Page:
We've discussed that a few times here over the years. I know my own family members that had measles as a child ended up having a series of childhood illnesses all in one year, but measles came first. My mother has been described as being lucky to have survived that year, and it's not in jest. 

1 hour ago, BaseballandHockey said:

I think the calculus of whether well visits for kids, including immunizations, makes sense depends on two things. 

One if how much exposure the child has to disease in general.  If you have a kid in school or daycare, or going places indoors, or socializing with a ton of people, then the tiny added risk of getting covid, is probably worth it to prevent them from getting another vaccine preventable disease.  I'm pretty sure @Katy is shut down tight, and that shut down protects her kids from Whooping cough and Measles and other things too.  

The other is the risk of the covid virus, compared to the risk of vaccine preventable illnesses.  The calculation for a kid who at high risk of covid complications is going to be different than it would be for a kid without preexisting conditions.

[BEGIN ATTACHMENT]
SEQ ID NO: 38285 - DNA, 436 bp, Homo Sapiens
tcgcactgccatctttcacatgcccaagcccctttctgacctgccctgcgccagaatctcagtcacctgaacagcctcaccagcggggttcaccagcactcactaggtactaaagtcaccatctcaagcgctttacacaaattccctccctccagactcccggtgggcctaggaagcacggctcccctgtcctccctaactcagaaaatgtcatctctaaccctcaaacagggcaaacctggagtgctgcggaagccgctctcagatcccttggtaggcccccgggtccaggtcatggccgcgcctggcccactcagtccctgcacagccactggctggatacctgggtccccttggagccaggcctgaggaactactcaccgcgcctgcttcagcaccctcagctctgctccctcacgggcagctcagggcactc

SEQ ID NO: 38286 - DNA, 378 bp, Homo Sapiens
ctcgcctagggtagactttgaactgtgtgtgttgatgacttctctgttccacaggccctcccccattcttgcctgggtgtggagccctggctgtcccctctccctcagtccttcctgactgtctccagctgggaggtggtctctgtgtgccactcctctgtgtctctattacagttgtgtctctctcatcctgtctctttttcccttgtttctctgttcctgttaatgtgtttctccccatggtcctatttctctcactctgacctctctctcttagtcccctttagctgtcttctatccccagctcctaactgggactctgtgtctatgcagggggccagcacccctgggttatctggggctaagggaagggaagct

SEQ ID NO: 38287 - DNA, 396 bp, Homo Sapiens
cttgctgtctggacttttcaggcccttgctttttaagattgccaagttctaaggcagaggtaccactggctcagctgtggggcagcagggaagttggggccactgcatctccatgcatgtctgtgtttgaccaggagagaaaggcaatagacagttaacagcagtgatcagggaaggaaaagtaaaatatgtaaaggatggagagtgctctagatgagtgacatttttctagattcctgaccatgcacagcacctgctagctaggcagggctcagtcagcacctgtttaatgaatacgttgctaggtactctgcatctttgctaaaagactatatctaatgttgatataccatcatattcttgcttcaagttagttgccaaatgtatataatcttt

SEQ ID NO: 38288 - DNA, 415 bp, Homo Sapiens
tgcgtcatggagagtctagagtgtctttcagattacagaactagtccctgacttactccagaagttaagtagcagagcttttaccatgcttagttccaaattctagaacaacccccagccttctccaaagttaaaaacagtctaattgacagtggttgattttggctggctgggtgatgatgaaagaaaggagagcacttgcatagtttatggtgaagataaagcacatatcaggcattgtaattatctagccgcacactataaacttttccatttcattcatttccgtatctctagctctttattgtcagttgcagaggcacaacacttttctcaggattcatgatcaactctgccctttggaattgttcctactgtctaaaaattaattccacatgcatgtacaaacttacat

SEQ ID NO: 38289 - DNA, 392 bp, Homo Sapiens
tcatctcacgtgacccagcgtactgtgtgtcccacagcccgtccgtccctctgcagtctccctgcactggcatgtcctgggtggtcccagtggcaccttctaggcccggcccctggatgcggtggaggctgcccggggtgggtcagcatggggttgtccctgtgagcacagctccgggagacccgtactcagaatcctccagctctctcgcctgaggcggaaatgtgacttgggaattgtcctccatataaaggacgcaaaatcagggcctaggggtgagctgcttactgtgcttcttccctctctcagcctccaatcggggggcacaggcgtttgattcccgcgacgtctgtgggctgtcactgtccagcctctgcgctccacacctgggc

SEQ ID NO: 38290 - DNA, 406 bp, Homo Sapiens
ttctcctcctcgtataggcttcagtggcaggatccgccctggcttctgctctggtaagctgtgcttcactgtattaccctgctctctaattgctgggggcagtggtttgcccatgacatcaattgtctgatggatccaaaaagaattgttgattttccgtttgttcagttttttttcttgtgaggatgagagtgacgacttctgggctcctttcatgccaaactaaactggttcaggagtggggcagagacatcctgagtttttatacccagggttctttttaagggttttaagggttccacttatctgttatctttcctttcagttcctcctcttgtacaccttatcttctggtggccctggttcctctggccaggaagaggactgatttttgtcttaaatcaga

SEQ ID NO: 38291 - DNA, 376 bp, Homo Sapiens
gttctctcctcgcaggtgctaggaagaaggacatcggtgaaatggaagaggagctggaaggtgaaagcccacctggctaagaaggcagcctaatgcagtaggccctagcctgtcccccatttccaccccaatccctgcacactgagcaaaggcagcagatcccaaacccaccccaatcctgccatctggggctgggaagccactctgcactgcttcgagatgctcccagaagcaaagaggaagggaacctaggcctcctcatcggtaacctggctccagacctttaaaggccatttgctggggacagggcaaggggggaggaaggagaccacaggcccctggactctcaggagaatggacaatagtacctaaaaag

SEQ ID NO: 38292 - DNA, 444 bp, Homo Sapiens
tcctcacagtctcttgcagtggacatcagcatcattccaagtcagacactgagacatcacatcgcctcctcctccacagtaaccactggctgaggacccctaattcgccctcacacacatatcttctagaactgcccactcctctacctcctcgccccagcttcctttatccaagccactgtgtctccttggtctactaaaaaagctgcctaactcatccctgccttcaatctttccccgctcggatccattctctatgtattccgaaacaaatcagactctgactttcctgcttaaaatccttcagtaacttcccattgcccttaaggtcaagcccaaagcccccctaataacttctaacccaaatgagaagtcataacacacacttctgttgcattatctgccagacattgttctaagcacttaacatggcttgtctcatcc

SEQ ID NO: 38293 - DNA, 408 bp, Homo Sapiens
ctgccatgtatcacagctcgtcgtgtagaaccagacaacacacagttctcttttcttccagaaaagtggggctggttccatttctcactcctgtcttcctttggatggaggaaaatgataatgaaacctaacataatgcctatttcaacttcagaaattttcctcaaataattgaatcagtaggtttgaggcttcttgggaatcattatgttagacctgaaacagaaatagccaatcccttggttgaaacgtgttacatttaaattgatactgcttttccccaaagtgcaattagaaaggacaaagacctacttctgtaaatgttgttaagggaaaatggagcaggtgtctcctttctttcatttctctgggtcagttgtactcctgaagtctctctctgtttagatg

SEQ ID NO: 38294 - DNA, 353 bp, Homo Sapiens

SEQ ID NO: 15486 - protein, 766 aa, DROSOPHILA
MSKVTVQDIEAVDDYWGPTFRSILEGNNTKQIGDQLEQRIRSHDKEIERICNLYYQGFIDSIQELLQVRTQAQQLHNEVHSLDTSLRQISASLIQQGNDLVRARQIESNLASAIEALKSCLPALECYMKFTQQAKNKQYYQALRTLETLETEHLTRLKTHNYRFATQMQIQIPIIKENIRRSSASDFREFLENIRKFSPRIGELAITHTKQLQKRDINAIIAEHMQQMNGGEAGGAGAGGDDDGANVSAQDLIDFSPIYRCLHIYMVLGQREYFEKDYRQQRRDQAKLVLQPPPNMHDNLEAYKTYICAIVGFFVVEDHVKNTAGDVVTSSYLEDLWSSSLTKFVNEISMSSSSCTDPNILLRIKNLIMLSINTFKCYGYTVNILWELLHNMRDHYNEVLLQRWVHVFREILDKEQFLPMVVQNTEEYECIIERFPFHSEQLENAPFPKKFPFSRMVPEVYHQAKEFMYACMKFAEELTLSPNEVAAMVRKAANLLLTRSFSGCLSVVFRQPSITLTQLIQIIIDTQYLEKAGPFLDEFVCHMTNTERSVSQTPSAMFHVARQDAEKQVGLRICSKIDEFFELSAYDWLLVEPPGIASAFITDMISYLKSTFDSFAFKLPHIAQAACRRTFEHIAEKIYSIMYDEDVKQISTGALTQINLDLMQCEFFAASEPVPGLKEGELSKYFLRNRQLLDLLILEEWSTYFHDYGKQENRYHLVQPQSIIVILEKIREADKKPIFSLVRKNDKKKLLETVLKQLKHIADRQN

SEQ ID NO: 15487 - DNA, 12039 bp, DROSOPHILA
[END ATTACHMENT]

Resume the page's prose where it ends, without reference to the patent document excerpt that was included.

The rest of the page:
I agree with this, but I would add that an individual pediatrician's practices surrounding Covid would factor in as well. A lot of offices are doing sick visits only at the end of the day, etc. We don't run into anyone else when we go to the pediatrician. It's somewhat that we often get an appointment just before lunch, but they also do a really good job of keeping everyone separate. Seeing our pediatrician would likely be an extremely low risk situation. 

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2 minutes ago, Arcadia said:

 

We have vaccination clinics inside Safeway supermarket and CVS pharmacy. They accept most insurance. People do bring their older kids there for immunization if they don’t want to go to their regular pediatrician. My nearby location usually doesn’t have anyone and they would text you if you don’t want to wait. 

We’re in a rural enough area that we don’t have chain pharmacies or Safeway here.  We have Walmart.  I could call the health department and ask about shots though.  Thanks for the idea. 

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29 minutes ago, kbutton said: